Some of the major roadblocks we had to overcome were:

We initially planned on using an Arduino Leonardo as the motor and servo controller. It had the same footprint as an Arduino Uno and plugged in directly to the motor shield. Unfortunately, in the early stages of writing the Arduino software, the DC motor library (AFMotor) would not compile on the Leonardo due to the fact that it has a different microcontroller than the Uno. We lost a few hours trying to troubleshoot it, and then we decided to move to plan B and switch it out for the only other Arduino we had with us, the Pro Mini. The Pro Mini is electrically identical to the Uno and has the same number of pins, however the wiring got messy because we had to jumper all the pins on the motor shield to the pins on Pro Mini. Thankfully though, the motor library compiled and worked flawlessly.

Powering everything also turned out to be an issue. We brought some old ESC on the idea that we could use their on-board BEC circuits to provide a stable 5 V for the Arduino, motor shield, and Raspberry Pi. Our initial tests using one ESC to power everything seemed to work, but we quickly noticed that the Pi no longer created a WiFi hotspot and the ESC was getting super hot. The Pi was drawing so much current that the ESC couldn't provide a steady 5 V and was exceeding its 2 A limit. We attempted to add another ESC for the sole purpose of powering the Pi, but it promptly got really hot as well and eventually exploded, releasing its magic smoke. We are not entirely sure why it exploded. It might have had a slightly lower maximum current limit or was faulty. Left with no alternatives to power the Pi from the battery, we opted to use a 10 ft USB cable to power the Pi from an external source, such as a USB port on a laptop or a USB wall charger.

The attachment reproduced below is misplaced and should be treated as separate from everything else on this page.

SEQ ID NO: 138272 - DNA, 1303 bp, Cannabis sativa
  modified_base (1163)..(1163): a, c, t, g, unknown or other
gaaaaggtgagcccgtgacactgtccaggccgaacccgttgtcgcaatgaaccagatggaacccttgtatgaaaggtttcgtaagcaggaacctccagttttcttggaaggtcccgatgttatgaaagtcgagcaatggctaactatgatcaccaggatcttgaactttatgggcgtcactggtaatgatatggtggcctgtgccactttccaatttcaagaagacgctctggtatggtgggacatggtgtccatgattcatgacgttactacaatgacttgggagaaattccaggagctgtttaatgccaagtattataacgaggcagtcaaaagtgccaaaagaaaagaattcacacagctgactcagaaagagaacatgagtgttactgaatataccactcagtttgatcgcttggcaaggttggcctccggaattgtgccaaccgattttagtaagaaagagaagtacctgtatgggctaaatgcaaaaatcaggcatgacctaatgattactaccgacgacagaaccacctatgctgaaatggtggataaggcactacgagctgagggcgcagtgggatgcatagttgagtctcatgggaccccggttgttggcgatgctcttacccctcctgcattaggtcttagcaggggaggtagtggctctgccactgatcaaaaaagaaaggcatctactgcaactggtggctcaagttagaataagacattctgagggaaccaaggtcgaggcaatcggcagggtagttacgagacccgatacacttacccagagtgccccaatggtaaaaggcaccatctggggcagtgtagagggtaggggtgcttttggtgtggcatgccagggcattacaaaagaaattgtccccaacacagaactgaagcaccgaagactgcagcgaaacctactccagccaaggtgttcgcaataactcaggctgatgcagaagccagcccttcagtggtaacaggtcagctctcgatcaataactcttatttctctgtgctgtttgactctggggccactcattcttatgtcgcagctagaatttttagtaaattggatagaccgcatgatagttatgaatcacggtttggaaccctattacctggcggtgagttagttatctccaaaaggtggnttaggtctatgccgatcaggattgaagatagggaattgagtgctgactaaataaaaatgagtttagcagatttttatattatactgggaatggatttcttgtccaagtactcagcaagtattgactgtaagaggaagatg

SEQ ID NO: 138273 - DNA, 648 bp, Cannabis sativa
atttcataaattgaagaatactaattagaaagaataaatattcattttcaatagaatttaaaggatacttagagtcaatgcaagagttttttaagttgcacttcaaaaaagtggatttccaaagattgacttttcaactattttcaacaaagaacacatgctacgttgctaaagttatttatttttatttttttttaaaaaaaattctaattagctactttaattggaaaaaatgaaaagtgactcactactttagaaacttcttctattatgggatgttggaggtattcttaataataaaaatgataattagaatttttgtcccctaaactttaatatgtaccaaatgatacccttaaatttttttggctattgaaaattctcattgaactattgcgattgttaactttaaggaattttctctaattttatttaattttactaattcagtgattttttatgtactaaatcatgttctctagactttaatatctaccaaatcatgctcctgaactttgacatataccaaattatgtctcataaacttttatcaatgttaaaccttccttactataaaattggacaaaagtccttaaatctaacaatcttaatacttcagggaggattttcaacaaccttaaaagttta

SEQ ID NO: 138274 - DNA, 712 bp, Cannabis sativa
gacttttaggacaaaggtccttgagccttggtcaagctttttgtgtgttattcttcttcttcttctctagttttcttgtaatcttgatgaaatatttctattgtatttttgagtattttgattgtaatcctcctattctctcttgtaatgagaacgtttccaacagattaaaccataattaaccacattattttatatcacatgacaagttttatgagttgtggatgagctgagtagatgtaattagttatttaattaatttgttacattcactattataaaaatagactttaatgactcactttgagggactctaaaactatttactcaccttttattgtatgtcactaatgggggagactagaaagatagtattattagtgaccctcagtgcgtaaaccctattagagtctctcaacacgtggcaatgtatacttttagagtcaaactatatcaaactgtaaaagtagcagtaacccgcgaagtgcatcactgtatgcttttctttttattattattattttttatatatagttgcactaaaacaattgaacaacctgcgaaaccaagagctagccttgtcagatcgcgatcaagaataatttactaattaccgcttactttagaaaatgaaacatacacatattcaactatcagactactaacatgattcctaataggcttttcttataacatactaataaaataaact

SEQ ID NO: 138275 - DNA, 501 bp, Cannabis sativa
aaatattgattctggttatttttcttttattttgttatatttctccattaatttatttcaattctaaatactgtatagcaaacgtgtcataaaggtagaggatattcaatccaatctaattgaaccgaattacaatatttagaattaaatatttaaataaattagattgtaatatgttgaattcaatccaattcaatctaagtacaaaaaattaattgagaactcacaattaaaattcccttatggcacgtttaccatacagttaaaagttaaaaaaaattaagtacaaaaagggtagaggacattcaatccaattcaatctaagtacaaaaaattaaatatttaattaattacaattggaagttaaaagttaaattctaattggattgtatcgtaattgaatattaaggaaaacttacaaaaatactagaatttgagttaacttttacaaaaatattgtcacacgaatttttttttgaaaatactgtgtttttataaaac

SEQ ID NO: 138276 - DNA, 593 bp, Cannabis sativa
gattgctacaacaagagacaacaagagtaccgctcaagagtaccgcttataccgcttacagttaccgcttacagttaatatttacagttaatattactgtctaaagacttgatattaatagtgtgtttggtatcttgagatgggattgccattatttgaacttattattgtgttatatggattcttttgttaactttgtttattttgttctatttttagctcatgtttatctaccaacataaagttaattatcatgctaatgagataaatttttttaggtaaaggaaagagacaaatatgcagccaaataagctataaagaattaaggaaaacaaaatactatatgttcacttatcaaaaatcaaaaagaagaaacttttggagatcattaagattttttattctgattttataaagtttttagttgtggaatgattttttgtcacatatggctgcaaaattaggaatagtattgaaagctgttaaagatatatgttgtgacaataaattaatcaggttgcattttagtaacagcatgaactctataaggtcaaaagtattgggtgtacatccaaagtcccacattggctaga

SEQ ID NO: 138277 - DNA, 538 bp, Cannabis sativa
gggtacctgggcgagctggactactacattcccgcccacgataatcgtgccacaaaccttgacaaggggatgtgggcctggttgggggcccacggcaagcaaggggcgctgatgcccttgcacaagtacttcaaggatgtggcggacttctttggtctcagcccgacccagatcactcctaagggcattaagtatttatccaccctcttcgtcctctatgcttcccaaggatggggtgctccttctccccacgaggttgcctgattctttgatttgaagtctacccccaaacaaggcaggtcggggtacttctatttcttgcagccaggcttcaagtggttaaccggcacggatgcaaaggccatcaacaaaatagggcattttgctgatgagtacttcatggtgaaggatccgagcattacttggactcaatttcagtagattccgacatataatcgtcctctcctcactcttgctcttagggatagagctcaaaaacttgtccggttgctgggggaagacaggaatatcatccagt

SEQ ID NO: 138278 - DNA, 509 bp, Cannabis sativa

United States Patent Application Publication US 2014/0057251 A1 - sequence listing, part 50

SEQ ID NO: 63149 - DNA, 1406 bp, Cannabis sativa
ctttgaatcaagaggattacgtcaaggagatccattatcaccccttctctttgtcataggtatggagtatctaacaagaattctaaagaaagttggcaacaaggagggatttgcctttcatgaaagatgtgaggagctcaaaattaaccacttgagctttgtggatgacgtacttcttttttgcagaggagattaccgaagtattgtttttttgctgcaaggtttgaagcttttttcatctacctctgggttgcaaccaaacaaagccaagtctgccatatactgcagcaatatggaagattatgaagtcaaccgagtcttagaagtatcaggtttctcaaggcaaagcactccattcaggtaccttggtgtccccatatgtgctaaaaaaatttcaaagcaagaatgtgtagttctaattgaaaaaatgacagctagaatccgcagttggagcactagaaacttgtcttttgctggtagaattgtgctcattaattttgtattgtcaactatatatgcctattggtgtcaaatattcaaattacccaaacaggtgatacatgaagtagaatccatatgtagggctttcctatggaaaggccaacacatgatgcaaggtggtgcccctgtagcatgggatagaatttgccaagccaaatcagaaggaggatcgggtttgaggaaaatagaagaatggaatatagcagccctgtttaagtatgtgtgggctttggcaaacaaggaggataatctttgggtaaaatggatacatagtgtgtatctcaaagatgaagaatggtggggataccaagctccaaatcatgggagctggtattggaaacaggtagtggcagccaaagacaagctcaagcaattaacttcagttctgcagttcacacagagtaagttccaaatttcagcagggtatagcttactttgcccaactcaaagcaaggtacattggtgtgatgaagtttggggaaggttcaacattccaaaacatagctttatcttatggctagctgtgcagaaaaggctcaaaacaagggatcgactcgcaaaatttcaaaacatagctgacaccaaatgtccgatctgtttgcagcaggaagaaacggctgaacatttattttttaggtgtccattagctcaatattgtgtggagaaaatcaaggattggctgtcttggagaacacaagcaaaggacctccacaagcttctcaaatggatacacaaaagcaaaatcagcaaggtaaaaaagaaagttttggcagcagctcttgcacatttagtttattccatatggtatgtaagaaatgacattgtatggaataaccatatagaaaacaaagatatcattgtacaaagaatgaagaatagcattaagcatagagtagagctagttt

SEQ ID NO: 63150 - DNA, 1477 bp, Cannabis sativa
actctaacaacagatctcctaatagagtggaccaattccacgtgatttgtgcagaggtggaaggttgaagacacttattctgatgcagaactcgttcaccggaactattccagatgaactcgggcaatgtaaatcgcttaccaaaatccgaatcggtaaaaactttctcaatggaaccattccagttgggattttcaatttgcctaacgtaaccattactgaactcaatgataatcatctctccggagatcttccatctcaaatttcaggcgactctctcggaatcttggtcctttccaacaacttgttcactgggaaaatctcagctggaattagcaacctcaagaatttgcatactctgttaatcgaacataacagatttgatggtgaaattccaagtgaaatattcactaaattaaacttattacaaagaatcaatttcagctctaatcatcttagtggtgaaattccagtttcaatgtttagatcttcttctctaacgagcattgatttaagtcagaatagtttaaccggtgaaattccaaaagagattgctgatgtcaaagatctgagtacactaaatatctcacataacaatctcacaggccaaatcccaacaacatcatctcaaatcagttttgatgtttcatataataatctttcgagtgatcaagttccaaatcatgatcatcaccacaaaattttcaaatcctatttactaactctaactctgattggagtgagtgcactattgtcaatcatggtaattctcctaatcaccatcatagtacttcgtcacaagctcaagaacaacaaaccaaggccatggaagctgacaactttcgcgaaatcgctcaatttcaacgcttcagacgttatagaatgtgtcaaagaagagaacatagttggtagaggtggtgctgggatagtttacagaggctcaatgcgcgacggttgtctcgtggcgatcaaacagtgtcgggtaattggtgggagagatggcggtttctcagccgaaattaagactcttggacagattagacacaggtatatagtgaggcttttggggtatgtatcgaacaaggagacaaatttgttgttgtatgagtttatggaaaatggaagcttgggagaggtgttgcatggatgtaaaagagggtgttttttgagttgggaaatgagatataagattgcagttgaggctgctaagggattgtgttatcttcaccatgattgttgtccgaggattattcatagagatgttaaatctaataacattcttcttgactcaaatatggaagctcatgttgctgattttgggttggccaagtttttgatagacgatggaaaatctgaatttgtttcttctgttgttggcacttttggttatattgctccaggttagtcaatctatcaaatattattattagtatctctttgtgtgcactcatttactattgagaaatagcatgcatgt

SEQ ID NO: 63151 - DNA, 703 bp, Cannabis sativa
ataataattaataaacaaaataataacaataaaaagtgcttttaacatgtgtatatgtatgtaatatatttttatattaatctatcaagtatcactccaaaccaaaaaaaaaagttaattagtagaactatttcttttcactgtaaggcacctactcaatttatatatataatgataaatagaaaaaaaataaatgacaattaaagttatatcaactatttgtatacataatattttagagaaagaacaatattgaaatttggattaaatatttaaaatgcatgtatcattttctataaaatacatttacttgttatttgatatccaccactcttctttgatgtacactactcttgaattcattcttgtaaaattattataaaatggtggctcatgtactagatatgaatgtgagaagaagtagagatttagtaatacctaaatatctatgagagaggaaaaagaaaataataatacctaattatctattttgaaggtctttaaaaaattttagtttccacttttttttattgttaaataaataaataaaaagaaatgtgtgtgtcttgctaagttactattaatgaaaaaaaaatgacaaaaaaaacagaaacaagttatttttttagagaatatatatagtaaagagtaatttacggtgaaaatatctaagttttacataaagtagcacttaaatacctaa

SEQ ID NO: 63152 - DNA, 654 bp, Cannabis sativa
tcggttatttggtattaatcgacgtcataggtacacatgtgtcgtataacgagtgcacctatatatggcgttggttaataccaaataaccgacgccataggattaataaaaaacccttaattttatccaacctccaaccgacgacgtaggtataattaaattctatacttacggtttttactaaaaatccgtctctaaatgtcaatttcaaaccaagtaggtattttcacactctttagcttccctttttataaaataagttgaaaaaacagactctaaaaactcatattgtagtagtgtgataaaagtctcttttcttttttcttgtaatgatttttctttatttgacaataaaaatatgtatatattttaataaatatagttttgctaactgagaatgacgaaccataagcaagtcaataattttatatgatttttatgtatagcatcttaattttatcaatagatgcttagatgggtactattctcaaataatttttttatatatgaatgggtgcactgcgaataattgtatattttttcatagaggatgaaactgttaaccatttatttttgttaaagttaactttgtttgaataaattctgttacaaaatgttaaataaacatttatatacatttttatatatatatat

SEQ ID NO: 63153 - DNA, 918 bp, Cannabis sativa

After final assembly, we connected power to make sure that everything worked probably, and we notice our second round of magic smoke, but this time coming from the voltage regulator on the Arduino. Somehow we had messed up the polarity of some of the wires that provided power, and we had to dig through the rats nest of wires troubleshooting everything. Had we assembled everything outside of the tank body and had tested each part individually before assembling it all together, we could have avoided some issues including this one. We eventually found the issue and replaced the Arduino with a spare we had.